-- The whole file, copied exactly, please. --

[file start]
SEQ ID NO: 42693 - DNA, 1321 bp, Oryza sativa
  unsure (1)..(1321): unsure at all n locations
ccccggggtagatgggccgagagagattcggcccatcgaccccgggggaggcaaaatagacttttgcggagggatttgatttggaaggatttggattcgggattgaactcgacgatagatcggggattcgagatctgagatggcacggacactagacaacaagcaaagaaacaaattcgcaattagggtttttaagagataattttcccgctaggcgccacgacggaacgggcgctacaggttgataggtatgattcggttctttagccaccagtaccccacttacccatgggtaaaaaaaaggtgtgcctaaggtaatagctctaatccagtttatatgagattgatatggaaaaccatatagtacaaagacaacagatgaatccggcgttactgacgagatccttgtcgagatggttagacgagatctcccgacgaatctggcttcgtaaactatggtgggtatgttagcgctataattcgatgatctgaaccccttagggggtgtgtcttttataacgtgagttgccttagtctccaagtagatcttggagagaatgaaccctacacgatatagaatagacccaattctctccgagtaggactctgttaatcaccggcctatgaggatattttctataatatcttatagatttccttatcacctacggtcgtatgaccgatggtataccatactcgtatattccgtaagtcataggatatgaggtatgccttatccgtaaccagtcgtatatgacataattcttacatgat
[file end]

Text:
SEQ ID NO: 42693 - DNA, 1321 bp, Oryza sativa
  unsure (1)..(1321): unsure at all n locations
ccccggggtagatgggccgagagagattcggcccatcgaccccgggggaggcaaaatagacttttgcggagggatttgatttggaaggatttggattcgggattgaactcgacgatagatcggggattcgagatctgagatggcacggacactagacaacaagcaaagaaacaaattcgcaattagggtttttaagagataattttcccgctaggcgccacgacggaacgggcgctacaggttgataggtatgattcggttctttagccaccagtaccccacttacccatgggtaaaaaaaaggtgtgcctaaggtaatagctctaatccagtttatatgagattgatatggaaaaccatatagtacaaagacaacagatgaatccggcgttactgacgagatccttgtcgagatggttagacgagatctcccgacgaatctggcttcgtaaactatggtgggtatgttagcgctataattcgatgatctgaaccccttagggggtgtgtcttttataacgtgagttgccttagtctccaagtagatcttggagagaatgaaccctacacgatatagaatagacccaattctctccgagtaggactctgttaatcaccggcctatgaggatattttctataatatcttatagatttccttatcacctacggtcgtatgaccgatggtataccatactcgtatattccgtaagtcataggatatgaggtatgccttatccgtaaccagtcgtatatgacataattcttacatgat